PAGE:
More than fins and limbs
On Nov. 19, Science Newsline reported on Associate Professor of Biology Karen Crow's research that showed Hox genes are responsible for more vertebrate features than just limb growth. The findings "really expand our view of this Hox limb-building program. Now we think it could be associated with all kinds of features that arise in different species," Crow observed. "I think this genetic program is deployed in all kinds of vertebrate features that have yet to be discovered. We're just beginning to understand the underlying genetic basis of different structures in different animals. And, surprisingly, some aspects of those genetic instructions are shared."
Empowering the downtrodden
Associate Dean of the College of Ethnic Studies Amy Sueyoshi commented for a Nov. 22 San Francisco Chronicle article about a proposed ethnic studies requirement in San Francisco high schools. "It empowers people who feel trampled upon" and teaches about overcoming oppression, Sueyoshi said. "If white folks are fearful that it actually spreads white hatred, that's actually incorrect. It's really a movement for social justice where folks come together to create a different world."
American Indian Studies Lecturer Sara Sutler-Cohen commented on the portrayal of zombies for Aeon Magazine's Nov. 24 issue. Movie zombies have always provided a "mirror image of what's happening in society at that moment," Sutler-Cohen said. "Intimacy with zombies [in recent films] helps us bridge the gap between us and them."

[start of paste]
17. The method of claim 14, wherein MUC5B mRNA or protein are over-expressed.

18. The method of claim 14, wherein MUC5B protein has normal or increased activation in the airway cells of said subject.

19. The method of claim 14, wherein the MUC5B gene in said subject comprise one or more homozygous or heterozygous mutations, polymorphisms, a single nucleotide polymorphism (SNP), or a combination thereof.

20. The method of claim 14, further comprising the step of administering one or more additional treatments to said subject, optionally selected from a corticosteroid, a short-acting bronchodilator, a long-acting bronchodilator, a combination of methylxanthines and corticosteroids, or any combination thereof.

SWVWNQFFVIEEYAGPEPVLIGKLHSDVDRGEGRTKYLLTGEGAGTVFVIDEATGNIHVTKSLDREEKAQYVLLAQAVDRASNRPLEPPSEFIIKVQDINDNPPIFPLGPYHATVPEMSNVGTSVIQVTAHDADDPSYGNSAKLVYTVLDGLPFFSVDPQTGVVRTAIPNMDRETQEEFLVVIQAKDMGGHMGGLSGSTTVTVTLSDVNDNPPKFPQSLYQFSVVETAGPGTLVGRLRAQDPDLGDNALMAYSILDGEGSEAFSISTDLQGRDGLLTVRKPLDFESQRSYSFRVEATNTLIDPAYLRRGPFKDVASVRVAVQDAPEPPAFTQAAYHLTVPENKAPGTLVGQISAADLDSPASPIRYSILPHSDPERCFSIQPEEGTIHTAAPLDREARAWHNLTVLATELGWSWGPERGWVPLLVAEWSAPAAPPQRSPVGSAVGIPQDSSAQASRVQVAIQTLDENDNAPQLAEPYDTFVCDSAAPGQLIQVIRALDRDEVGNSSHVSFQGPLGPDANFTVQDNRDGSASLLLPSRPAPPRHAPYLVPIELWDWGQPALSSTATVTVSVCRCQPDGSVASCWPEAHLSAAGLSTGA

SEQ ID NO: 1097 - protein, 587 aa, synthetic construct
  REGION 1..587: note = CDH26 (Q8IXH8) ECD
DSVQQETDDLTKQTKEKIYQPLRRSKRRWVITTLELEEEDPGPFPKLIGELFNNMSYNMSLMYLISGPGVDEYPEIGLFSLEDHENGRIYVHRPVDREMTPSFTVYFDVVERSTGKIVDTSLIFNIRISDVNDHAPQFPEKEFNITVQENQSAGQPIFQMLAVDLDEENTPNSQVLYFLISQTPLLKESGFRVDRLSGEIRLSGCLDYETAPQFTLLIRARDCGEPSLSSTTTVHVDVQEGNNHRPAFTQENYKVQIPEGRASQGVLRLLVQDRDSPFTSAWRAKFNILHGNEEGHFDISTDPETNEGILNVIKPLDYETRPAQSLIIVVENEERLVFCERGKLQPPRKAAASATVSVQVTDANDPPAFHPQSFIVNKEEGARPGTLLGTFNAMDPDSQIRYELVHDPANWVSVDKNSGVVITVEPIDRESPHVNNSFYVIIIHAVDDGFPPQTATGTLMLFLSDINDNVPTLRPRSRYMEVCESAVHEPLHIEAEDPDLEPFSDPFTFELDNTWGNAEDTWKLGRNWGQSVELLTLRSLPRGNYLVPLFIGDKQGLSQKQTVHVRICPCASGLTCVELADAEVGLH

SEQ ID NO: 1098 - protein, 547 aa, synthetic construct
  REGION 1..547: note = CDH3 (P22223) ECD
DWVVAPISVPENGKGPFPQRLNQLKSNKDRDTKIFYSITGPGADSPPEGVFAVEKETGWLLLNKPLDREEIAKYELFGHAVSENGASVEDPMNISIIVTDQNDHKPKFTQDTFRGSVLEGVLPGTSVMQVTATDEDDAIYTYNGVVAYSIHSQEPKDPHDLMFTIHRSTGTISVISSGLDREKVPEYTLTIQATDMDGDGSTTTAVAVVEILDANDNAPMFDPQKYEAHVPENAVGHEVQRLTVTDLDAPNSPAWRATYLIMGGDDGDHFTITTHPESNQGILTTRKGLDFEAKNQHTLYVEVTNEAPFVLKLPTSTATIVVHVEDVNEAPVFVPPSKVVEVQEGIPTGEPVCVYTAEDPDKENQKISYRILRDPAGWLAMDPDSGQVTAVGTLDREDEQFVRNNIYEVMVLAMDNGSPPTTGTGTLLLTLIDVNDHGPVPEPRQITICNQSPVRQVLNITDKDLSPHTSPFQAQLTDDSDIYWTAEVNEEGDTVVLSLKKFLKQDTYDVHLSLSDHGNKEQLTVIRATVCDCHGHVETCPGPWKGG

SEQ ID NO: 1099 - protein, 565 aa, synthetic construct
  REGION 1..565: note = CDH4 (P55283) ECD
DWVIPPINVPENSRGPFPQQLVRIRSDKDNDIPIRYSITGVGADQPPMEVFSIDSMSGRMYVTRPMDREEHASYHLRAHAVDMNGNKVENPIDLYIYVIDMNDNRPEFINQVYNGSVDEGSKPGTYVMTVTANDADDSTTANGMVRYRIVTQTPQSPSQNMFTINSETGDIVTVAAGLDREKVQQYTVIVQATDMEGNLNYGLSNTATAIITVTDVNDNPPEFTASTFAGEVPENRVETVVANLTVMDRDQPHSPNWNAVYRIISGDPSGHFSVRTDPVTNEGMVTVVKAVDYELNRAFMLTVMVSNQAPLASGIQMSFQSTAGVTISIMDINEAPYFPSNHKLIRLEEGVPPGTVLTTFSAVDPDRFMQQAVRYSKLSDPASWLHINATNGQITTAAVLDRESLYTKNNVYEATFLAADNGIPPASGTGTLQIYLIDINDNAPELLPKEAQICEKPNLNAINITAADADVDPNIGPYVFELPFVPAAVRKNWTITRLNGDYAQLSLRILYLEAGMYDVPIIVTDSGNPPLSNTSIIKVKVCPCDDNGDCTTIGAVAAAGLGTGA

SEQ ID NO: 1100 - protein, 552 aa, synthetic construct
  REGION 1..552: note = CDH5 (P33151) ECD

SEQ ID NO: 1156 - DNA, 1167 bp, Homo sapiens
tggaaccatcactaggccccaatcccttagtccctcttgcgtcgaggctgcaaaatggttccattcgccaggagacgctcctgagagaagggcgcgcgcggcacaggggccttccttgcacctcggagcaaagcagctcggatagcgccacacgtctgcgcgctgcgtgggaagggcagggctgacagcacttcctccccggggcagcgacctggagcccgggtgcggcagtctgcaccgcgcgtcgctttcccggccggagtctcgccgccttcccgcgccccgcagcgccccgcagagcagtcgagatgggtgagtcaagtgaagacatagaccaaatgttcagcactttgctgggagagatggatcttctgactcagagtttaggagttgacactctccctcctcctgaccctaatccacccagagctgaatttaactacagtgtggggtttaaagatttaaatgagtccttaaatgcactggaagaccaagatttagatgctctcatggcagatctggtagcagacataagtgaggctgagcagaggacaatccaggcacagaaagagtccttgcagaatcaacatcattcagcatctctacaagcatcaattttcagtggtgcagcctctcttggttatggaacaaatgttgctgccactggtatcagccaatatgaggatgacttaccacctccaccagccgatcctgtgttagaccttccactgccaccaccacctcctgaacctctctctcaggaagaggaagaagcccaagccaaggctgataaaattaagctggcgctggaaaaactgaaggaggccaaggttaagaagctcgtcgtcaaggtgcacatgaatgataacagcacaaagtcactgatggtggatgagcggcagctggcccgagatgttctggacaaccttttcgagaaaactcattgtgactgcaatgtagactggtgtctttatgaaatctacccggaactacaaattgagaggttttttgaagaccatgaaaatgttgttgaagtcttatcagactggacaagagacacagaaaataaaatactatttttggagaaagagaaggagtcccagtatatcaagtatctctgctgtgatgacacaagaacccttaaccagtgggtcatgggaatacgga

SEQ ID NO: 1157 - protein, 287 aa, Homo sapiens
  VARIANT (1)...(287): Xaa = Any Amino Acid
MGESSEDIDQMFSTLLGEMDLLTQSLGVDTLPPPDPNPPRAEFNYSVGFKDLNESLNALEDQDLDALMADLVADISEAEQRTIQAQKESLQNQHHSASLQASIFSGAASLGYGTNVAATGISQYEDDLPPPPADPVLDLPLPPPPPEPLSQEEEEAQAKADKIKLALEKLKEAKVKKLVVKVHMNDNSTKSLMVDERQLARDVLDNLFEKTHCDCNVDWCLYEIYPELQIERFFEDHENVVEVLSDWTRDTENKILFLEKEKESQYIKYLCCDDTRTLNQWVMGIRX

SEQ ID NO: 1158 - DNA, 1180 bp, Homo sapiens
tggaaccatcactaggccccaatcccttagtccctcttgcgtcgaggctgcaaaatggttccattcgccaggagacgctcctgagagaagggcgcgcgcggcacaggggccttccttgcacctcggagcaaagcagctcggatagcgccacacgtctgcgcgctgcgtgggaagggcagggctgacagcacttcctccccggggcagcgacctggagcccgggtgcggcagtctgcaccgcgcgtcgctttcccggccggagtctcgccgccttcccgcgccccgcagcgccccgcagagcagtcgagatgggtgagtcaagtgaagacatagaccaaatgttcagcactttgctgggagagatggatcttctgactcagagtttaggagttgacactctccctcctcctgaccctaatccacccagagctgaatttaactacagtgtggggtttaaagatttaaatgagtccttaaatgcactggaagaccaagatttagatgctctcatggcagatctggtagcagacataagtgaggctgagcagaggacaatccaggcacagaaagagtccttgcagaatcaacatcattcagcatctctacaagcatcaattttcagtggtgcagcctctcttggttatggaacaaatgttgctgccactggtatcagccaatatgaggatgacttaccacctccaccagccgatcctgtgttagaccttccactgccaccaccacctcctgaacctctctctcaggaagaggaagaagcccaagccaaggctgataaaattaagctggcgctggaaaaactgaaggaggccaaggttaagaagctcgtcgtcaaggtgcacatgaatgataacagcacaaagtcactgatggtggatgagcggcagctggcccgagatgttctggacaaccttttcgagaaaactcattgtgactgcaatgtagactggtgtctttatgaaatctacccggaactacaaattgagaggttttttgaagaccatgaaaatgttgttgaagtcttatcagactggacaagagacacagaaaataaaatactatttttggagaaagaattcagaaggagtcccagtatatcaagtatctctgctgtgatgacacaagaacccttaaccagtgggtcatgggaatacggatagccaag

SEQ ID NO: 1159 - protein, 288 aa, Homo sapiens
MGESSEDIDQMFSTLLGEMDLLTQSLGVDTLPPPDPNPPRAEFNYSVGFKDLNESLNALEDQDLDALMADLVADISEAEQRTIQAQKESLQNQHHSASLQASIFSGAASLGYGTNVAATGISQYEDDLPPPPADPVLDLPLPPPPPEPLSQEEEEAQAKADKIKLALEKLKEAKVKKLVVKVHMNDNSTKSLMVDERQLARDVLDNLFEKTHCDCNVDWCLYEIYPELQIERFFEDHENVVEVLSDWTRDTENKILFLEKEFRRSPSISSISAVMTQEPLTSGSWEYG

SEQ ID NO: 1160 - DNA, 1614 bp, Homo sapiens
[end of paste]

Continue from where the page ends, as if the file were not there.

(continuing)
Prevention is key
Vice President of Student Affairs and Enrollment Management and Title IX Coordinator Luoluo Hong discussed her work to prevent sexual violence on campus for a Nov. 26 San Francisco Chronicle feature. She stated, we need to "make sure that our response to incidents of sexual violence is timely, caring and empathetic. ... That we respond to the needs of the victim -- but also extend due process to those who are accused. It's a balancing act. ... This is about teaching potential perpetrators how not to engage in that in the first place. It's key."
Models, access needed
Professor and Chair of Marketing Sally Baack commented on a study that found only 16 percent of the nation's businesses are owned by women for a Dec. 2 KGO News report. "Without key role models, women continue to not see the type of role that they can play in founding a business," Baack said. "Access to money, access to reliable cash flow is critical to starting a business. Women have been left out of those circles."
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